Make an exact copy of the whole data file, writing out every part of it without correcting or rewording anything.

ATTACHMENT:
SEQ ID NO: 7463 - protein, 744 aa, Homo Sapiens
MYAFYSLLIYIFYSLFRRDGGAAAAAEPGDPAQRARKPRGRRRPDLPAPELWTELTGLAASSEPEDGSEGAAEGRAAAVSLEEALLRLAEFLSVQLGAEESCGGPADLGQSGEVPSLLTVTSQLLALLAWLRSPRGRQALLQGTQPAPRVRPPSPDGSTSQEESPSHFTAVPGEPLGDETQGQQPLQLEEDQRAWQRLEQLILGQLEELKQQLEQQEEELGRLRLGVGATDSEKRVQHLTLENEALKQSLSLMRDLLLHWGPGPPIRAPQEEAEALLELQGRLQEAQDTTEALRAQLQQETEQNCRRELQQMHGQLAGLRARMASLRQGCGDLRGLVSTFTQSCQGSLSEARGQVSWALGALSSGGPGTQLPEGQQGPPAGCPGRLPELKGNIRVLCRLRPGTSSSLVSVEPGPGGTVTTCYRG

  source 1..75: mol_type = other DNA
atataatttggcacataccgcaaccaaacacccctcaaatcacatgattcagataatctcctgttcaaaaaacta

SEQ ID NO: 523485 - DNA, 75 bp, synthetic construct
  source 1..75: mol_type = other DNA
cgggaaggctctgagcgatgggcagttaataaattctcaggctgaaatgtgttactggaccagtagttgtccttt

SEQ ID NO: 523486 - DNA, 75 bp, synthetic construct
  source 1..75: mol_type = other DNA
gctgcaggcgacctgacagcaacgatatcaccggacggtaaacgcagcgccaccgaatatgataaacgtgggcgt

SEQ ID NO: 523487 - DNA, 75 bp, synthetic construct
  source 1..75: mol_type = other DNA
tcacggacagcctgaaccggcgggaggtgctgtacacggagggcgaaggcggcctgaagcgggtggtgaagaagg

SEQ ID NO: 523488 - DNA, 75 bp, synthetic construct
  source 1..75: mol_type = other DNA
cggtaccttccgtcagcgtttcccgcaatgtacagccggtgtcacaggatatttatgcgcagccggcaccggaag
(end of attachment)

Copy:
SEQ ID NO: 7463 - protein, 744 aa, Homo Sapiens
MYAFYSLLIYIFYSLFRRDGGAAAAAEPGDPAQRARKPRGRRRPDLPAPELWTELTGLAASSEPEDGSEGAAEGRAAAVSLEEALLRLAEFLSVQLGAEESCGGPADLGQSGEVPSLLTVTSQLLALLAWLRSPRGRQALLQGTQPAPRVRPPSPDGSTSQEESPSHFTAVPGEPLGDETQGQQPLQLEEDQRAWQRLEQLILGQLEELKQQLEQQEEELGRLRLGVGATDSEKRVQHLTLENEALKQSLSLMRDLLLHWGPGPPIRAPQEEAEALLELQGRLQEAQDTTEALRAQLQQETEQNCRRELQQMHGQLAGLRARMASLRQGCGDLRGLVSTFTQSCQGSLSEARGQVSWALGALSSGGPGTQLPEGQQGPPAGCPGRLPELKGNIRVLCRLRPGTSSSLVSVEPGPGGTVTTCYRG

  source 1..75: mol_type = other DNA
atataatttggcacataccgcaaccaaacacccctcaaatcacatgattcagataatctcctgttcaaaaaacta

SEQ ID NO: 523485 - DNA, 75 bp, synthetic construct
  source 1..75: mol_type = other DNA
cgggaaggctctgagcgatgggcagttaataaattctcaggctgaaatgtgttactggaccagtagttgtccttt

SEQ ID NO: 523486 - DNA, 75 bp, synthetic construct
  source 1..75: mol_type = other DNA
gctgcaggcgacctgacagcaacgatatcaccggacggtaaacgcagcgccaccgaatatgataaacgtgggcgt

SEQ ID NO: 523487 - DNA, 75 bp, synthetic construct
  source 1..75: mol_type = other DNA
tcacggacagcctgaaccggcgggaggtgctgtacacggagggcgaaggcggcctgaagcgggtggtgaagaagg

SEQ ID NO: 523488 - DNA, 75 bp, synthetic construct
  source 1..75: mol_type = other DNA
cggtaccttccgtcagcgtttcccgcaatgtacagccggtgtcacaggatatttatgcgcagccggcaccggaag